Simple Cooking Swaps for Easier Diabetes Management

You want a deep-dish pizza—your blood sugar says, “Hard pass.” Here’s how you can still have your fave foods while living with diabetes, without compromising your wellness goals.
Published July 28, 2022

Pop quiz: If you have diabetes, which foods are off-limits? (Bueller? Bueller?) Answer: None. Everything has its place in a balanced diet, even if you’re living with diabetes. That said, eating more of some foods and less of others can make managing your blood sugar (a.k.a. glucose) a lot easier—something that’s important for feeling good now and staying healthy for years to come.

“Significant fluctuations in blood sugar can lead to diabetes complications,” says Amy Stephens, RDN, a registered dietitian nutritionist and a certified diabetes care and education specialist in New York City. For example, hypoglycemia (very low blood sugar) can bring on shakiness, anxiety, confusion, nausea, weakness, fatigue, headaches, and more. On the other hand, hyperglycemia (very high blood sugar) can up your thirst and make you need to urinate more often. In the long term, high blood sugar also raises your risk of serious health issues like cardiovascular disease and kidney problems. “That’s why it’s so important to minimize blood sugar swings as much as possible,” says Stephens. “When you do, you’ll feel better throughout the day.”

To keep your blood sugar steady, Stephens suggests eating every three to four hours and relying more on foods that incorporate fibre, protein, or fat (which slow the release of sugar into the bloodstream) and less on those made up of simple carbs (which cause glucose to spike), like white bread and pasta. The good news? The WW Diabetes-Tailored PersonalPoints™ Program is designed to guide you toward foods that are higher in the former. With that in mind, we’ve rounded up some simple swaps—loved by WW staffers and members alike—that will let you enjoy your favourite foods without rocking your blood sugar.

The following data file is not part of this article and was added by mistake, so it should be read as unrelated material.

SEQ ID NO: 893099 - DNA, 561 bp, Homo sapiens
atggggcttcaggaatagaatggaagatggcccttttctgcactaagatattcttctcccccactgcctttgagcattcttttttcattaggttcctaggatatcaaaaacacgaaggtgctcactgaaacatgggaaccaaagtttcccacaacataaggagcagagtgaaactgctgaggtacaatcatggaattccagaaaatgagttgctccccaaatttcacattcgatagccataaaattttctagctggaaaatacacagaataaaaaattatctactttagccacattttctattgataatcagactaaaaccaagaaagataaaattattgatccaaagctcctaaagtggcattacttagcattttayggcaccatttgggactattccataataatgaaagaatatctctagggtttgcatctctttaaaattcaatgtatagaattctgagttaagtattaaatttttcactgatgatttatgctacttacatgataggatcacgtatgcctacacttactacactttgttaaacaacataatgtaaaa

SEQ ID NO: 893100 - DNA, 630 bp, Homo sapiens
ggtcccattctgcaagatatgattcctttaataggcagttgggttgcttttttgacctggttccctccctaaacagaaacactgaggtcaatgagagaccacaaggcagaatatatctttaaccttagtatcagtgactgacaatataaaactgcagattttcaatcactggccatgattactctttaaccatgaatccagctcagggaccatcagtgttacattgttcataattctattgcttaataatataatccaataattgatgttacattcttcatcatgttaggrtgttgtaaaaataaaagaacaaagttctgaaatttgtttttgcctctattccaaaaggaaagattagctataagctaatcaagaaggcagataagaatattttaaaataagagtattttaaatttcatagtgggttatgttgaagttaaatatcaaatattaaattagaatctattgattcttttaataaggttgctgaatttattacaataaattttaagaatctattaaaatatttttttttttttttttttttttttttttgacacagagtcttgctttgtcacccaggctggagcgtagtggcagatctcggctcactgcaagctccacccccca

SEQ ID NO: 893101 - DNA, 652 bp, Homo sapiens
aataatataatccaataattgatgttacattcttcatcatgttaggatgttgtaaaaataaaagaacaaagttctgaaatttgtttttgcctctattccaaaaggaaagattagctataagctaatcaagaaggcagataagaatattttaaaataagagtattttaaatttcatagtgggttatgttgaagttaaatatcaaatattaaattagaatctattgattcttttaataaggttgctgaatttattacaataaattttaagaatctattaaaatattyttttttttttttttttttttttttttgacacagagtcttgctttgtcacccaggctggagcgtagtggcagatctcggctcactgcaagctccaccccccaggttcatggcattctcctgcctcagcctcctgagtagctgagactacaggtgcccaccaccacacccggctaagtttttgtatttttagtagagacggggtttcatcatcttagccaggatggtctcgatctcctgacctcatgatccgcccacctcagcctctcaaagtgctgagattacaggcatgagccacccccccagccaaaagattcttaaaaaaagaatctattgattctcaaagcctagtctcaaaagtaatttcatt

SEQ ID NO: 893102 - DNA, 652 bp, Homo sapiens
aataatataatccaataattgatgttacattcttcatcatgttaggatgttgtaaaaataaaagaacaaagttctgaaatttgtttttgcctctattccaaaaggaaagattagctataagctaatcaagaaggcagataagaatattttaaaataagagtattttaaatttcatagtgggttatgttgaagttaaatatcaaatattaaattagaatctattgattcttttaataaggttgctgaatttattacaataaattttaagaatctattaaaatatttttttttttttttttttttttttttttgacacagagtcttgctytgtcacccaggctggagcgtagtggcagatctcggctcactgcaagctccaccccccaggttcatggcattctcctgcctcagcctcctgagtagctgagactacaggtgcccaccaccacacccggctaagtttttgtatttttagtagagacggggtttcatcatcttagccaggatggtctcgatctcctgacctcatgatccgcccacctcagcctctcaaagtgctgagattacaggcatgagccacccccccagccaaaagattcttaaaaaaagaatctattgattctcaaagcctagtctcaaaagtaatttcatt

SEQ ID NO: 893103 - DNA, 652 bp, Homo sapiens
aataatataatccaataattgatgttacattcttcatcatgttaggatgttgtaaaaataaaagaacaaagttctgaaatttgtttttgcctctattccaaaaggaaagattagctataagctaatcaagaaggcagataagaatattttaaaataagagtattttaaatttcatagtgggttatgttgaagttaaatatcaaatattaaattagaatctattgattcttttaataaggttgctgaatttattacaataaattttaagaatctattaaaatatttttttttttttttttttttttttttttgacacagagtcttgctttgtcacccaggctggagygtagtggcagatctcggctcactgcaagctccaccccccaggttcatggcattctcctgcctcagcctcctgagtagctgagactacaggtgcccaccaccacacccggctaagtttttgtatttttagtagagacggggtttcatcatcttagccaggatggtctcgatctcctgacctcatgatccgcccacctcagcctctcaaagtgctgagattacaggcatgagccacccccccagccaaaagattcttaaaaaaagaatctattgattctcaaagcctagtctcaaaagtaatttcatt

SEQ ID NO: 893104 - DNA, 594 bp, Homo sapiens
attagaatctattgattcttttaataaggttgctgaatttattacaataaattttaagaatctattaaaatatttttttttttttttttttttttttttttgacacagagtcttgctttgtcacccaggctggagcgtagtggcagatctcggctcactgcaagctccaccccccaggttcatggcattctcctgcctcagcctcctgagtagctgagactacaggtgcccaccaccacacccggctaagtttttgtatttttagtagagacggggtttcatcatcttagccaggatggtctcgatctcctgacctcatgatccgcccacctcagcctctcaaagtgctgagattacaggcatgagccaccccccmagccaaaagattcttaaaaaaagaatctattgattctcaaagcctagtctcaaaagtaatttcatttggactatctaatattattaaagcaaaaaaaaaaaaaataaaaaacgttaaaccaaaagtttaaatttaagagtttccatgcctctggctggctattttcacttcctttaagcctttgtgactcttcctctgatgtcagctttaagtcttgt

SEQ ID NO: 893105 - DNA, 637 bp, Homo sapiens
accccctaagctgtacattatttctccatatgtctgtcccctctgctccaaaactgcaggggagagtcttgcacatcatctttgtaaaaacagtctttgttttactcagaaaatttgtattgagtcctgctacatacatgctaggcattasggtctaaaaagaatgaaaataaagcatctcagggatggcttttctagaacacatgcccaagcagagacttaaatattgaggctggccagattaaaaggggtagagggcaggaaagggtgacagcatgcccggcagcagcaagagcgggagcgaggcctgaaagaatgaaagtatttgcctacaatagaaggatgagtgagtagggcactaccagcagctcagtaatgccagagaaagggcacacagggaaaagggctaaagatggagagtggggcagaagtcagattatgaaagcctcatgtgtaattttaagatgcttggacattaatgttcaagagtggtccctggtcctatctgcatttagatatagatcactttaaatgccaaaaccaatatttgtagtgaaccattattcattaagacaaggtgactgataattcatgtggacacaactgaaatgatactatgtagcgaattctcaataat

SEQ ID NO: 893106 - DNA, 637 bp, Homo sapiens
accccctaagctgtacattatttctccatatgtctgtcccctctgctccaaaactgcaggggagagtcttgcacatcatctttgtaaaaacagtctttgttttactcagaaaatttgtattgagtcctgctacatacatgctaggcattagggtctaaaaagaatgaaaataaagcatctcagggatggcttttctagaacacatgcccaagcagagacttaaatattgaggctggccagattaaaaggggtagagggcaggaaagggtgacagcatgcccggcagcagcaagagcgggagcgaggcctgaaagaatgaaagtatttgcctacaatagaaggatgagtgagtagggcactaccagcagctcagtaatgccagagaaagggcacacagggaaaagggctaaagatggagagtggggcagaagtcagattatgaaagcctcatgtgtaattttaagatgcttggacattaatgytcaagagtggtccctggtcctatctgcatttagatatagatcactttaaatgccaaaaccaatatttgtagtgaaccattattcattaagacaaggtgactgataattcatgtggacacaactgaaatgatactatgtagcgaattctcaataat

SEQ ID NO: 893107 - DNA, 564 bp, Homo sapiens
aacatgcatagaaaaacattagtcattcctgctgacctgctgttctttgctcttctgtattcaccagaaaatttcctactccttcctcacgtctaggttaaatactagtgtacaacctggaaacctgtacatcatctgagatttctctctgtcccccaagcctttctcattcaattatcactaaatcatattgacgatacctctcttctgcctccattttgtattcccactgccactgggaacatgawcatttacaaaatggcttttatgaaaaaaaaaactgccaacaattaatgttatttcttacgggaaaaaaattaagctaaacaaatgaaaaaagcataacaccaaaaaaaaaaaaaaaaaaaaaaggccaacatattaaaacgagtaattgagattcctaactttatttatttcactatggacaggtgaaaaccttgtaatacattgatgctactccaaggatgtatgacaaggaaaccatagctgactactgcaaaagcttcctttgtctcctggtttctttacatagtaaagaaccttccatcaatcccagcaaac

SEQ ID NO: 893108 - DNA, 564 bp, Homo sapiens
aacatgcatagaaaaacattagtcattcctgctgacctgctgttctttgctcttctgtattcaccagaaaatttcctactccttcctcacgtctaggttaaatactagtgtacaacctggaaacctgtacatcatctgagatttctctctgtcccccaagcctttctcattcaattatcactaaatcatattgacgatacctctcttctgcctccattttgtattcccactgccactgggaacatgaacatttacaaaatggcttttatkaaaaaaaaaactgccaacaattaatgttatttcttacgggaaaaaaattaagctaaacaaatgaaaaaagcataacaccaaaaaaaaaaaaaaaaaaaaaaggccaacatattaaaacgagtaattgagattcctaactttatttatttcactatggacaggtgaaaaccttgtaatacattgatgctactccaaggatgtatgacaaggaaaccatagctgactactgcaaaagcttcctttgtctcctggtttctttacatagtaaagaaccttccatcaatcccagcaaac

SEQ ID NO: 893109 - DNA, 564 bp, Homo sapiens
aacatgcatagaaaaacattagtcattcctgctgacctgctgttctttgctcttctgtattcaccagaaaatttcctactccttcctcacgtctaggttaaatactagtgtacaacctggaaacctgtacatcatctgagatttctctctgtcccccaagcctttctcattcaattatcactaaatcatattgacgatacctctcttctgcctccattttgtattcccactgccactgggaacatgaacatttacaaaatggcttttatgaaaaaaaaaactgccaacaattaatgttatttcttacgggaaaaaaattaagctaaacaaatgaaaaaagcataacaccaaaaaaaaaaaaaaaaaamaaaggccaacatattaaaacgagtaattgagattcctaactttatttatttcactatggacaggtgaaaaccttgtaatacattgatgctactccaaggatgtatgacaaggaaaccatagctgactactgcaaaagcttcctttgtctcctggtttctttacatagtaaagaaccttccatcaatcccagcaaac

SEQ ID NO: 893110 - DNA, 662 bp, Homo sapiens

You like: The same sugary breakfast cereal your kids love
Try: Whole-grain toaster waffle topped with nut butter and cacao nibs

A hit of sugar first thing in the morning will send glucose soaring. This Stephens-recommended swap hits on all the flavours you love (it’s almost like eating a peanut butter cup!) and benefits from nut butter for a hit of blood sugar–stabilizing healthy fats and high-fibre cacao nibs (three grams of fibre in one tablespoon).

You like: Pizza
Try: Low-carb wrap topped with tomato sauce and shredded cheese

Classic pizza dough is pretty much a giant disk of carbs—something that can really impact your blood sugar levels. WW member (and staffer) Susan S. has a secret weapon for whenever she’s craving a slice: Spread your favourite toppings (green peppers and mushrooms, anyone?) on a low-carb wrap and heat it up in a sizzling frying pan to mimic that charred crust taste.

You like: Soda
Try: Flavoured sparkling water

“In terms of blood sugar, drinking a can of soda is like eating two slices of white bread,” says Stephens. Your blood sugar shoots way up, setting you up for a crash later. Instead, reach for a can of flavoured seltzer—there are endless varieties available these days. Or go the DIY route and drop strawberry slices, watermelon pieces, or pineapple chunks into plain sparkling H2O. Bonus: This is also a perfect way to use up fruit in your fridge that’s just past its prime while adding to your water intake to grow your Points® Budget. (What’s that, you ask? Check out the science behind WW’s Points algorithm.)